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While you were dusting off your top hat and cleaning your monocle for the start of this Monday morning, you may have noticed something was off with the stock market.

For starters, the economy tanked hard, dropping 1,000 points in seconds after opening.

That's real bad.

Also, One Direction split up.

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Dog owner makes aa
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Henry Conklin loves his dog and wants to share the canine's voice with the world. Modern social media and Conklin's technological know-how make that possible.

The mathematics/computer science undergraduate student at the University of Virginia regularly engages in competitive programming and decided to use these skills to make a Twitter account that his dog Oliver could 'control'.

@OliverBarkBark tweets every time Oliver barks.

Conklin describes the process by which he achieved this feat on his website:

By connecting a Rasberry Pi, a wifi dongle, and a microphone, I was able to make a system that automatically detected, filtered, and published each and every one of Oliver's deafening vocalizations.

The full process from bark to tweet takes three steps. First is recording. I have the raspberry pi listening continuously and triggering a recording once it hears a sound over a preset volume. Oliver barking is by far the loudest thing within several miles, so the volume threshold should be sufficient. However, the recordings are still triggered occasionally by unwanted junk. To guard against this, I needed to perform a second step to filter the barks from the junk.

I took a machine learning approach to filter out the barks. I built a model using the pyAudioAnalysis library and around a day's worth of barks (about 20). I then set up a bash script to run every ten minutes, classify each recorded sound, and forward the barks on to the next step.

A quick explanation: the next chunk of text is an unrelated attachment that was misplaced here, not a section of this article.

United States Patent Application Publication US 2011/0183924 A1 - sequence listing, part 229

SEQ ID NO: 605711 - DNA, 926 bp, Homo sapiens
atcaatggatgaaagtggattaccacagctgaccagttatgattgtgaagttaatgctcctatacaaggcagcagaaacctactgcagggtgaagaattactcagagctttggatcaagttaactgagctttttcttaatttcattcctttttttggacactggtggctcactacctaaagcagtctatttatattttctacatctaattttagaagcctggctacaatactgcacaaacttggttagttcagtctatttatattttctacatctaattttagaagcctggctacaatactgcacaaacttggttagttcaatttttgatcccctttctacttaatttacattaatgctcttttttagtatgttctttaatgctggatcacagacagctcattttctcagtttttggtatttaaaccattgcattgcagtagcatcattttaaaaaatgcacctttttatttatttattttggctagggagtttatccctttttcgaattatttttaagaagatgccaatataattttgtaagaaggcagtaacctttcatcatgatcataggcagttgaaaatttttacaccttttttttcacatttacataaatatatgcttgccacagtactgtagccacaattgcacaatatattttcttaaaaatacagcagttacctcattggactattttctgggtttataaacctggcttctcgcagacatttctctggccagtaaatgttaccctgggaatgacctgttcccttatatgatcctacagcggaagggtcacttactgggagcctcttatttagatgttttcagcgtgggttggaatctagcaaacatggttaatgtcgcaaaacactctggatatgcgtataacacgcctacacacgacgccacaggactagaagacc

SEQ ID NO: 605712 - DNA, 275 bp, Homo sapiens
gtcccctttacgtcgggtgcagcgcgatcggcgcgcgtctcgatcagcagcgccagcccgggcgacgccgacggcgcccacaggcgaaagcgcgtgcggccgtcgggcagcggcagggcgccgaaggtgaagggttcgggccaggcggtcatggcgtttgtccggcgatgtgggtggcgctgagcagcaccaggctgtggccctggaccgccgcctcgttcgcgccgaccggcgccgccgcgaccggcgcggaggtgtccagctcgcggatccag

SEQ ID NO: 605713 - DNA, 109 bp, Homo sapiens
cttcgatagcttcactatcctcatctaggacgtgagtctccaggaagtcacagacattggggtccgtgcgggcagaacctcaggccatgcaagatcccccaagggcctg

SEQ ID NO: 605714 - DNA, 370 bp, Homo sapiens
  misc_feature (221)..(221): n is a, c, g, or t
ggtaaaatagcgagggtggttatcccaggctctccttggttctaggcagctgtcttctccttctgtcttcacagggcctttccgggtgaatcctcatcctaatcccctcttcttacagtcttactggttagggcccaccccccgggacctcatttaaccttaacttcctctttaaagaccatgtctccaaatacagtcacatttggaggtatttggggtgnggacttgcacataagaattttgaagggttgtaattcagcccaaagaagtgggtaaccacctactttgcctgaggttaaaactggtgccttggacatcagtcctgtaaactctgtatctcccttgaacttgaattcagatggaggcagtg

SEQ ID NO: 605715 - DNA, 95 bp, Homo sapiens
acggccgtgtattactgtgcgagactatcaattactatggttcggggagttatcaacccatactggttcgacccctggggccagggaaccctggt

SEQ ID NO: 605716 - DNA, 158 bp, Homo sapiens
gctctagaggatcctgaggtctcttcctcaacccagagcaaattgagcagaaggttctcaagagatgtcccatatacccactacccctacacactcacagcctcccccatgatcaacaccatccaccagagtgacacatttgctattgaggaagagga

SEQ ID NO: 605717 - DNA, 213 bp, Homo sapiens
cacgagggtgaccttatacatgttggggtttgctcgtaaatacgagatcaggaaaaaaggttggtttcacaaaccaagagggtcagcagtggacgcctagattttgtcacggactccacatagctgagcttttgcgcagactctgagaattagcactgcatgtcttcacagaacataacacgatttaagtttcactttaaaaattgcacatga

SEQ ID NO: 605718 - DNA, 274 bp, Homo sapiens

Finally, the barks are forwarded to the twitter api (using python-twitter) and posted under the handle @OliverBarkBark (be sure to follow!). Currently the tweets are random strings composed of "bark," "ruff," and "woof." I plan to replace that with a bark-to-text translator that will likely produce similar results but be more accurate to Oliver's actual voice.



Being the cool guy that he seems, Conklin also made all the code it took to accomplish this publicly available.

He said the next step is puppy podcasting.

Emma Watson tweeted at Rugby player Keegan Hirst and it was beautiful.
Via: EmWatson
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It's been kind of a mixed bag for athletes making the difficult decision to come out as gay. It helps to have Hermione on your side.

Keegan Hirst recently broke many boundaries, coming out as Britain's first openly gay rugby player. For a macho guy in a macho sport with macho teammates and macho fans, it wasn't the easiest of decisions. He's received a lot of support for the decision, marking even more how much the world has grown in a short time.

And in a beautiful and classy move, Emma Watson congratulated Hirst in a series of tweets Aug. 18.









Hirst spoke to the Daily Mirror about coming out Aug. 15.

Respected prop Keegan, 27, reveals the secret torment of dealing with his sexuality while carving out a career in one of the world's most macho sports.

Speaking exclusively to the Sunday Mirror, the dad of two tells of the moment he finally found the words to explain to his wife the reason they could no longer be together.

And he talks emotionally of the support he got, not only from her but also from his rugby team-mates.

The 6ft 4in captain of West ­Yorkshire side Batley Bulldogs said: "At first I couldn't even say 'I'm gay' in my head, let alone out loud.

"Now I feel like I'm letting out a long breath that I've held in for a long time."



Societal attitudes take a long time to evolve, but that evolution couldn't happen without people like Hirst taking initiative and influential people like Watson supporting them.

Well done, everyone.

Sesame street and HBO's partnership set off twitter on a storm of jokes.
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Early Aug. 13, Sesame Street announced a surprising partnership with HBO that will give the premium cable network, known for graphic, graphic content, a whole lot of children's programming.

Sesame will be able to produce almost twice as much new content as previous seasons, and for the first time ever, make the show available free of charge to PBS and its member stations after a nine-month window.



It didn't take long for Twitter to weigh in on this turn of events.























There were lots of True Detective season 3 jokes.



Thanks, Internet.

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Via: Quartz
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If you've spent any time on Twitter at all, you've definitely come across some promotional tweet that asks you to follow or retweet in order to win a contest.